From the late 1500s until the late 1600s, the defiantly Protestant Dutch, centered in Amsterdam, led the world in cartographic innovation, artistry, and publishing. Looking at the maps and careers of several Dutch masters, William C. Wooldridge discusses how it happened that the greatest map makers all adhered to the reformed faith.
Retired Vice President for Norfolk Southern, Bill Wooldridge brought together one of the finest collections of early Virginia-related maps ever assembled (the Wooldridge Collection was recently acquired by the Colonial Williamsburg Foundation). His book Mapping Virginia: From the Age of Exploration to the Civil War has received wide acclaim. A native of Lynchburg, Virginia, Wooldridge graduated from Harvard College and earned his JD from the University of Virginia School of Law. He has served as president of the Norfolk Historical Society and of the John Marshall Foundation, on the boards of WHRO and the Library of Virginia Foundation, and is currently a trustee of the Virginia Historical Society.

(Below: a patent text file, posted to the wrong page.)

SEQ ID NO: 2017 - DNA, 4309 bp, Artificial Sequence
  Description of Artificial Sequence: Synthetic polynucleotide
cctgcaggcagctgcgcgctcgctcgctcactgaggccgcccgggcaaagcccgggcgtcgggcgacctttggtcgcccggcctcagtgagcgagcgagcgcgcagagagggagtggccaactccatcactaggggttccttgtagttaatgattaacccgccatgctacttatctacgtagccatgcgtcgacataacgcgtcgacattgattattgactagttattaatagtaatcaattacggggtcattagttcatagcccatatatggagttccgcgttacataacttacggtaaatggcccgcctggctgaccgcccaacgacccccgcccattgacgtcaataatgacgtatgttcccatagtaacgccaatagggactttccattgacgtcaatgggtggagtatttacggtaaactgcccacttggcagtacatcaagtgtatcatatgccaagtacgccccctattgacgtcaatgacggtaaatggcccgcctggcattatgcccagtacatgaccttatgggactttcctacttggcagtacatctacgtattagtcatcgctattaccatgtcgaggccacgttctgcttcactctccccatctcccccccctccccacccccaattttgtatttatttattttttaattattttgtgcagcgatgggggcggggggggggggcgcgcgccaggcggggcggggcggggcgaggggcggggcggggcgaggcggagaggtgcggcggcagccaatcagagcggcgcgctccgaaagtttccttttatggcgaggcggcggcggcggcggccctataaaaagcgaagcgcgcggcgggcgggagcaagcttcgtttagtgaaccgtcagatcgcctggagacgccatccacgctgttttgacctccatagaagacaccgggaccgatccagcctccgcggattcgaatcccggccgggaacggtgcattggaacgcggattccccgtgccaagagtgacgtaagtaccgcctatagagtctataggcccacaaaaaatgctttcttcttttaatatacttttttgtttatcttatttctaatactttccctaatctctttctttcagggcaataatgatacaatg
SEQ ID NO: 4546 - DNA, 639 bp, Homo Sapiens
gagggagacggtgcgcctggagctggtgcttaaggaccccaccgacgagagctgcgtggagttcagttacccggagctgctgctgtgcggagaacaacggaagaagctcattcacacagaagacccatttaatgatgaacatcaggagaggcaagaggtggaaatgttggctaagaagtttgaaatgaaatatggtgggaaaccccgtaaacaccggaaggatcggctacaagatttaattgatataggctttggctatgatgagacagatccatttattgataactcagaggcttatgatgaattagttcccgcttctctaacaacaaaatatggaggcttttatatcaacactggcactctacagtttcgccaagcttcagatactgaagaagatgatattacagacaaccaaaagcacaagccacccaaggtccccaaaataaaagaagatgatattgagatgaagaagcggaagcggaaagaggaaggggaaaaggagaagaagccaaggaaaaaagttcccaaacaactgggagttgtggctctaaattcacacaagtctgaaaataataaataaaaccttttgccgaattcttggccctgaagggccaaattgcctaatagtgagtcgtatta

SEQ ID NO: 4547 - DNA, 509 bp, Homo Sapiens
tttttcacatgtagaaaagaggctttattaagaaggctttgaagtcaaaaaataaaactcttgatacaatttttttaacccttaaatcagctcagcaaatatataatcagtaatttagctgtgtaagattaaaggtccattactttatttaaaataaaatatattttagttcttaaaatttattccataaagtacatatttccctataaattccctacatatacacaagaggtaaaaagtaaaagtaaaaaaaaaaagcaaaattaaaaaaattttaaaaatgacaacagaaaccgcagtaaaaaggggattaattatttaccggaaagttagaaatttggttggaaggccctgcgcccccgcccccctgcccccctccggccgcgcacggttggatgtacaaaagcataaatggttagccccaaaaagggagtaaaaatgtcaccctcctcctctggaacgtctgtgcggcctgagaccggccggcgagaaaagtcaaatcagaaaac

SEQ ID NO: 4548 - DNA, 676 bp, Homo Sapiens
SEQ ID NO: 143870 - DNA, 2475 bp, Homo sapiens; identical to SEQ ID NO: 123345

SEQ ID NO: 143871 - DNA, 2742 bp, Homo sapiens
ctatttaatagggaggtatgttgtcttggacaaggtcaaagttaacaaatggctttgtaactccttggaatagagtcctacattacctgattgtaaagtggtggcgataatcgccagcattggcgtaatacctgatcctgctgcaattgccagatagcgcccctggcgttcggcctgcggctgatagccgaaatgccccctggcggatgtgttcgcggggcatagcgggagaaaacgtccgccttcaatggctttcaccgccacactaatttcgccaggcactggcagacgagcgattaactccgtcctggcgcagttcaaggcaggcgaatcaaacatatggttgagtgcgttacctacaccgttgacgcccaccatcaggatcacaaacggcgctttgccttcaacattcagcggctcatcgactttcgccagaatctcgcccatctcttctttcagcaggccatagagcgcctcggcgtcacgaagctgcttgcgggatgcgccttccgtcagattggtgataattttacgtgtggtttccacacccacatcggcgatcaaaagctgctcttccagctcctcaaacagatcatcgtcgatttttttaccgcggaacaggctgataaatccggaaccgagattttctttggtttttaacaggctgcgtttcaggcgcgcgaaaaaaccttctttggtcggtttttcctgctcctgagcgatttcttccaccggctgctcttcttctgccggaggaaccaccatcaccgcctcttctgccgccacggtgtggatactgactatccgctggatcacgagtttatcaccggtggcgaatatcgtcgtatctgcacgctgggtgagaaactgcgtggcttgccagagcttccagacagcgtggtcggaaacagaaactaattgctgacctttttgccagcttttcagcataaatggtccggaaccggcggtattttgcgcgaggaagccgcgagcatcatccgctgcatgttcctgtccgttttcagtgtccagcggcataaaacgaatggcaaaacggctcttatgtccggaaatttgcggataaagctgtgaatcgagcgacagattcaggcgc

The program is one of a four-part series "Reformation from the Backside," sponsored by the Center for the Study of Religious Freedom at Virginia Wesleyan University. For more about the series, go to:
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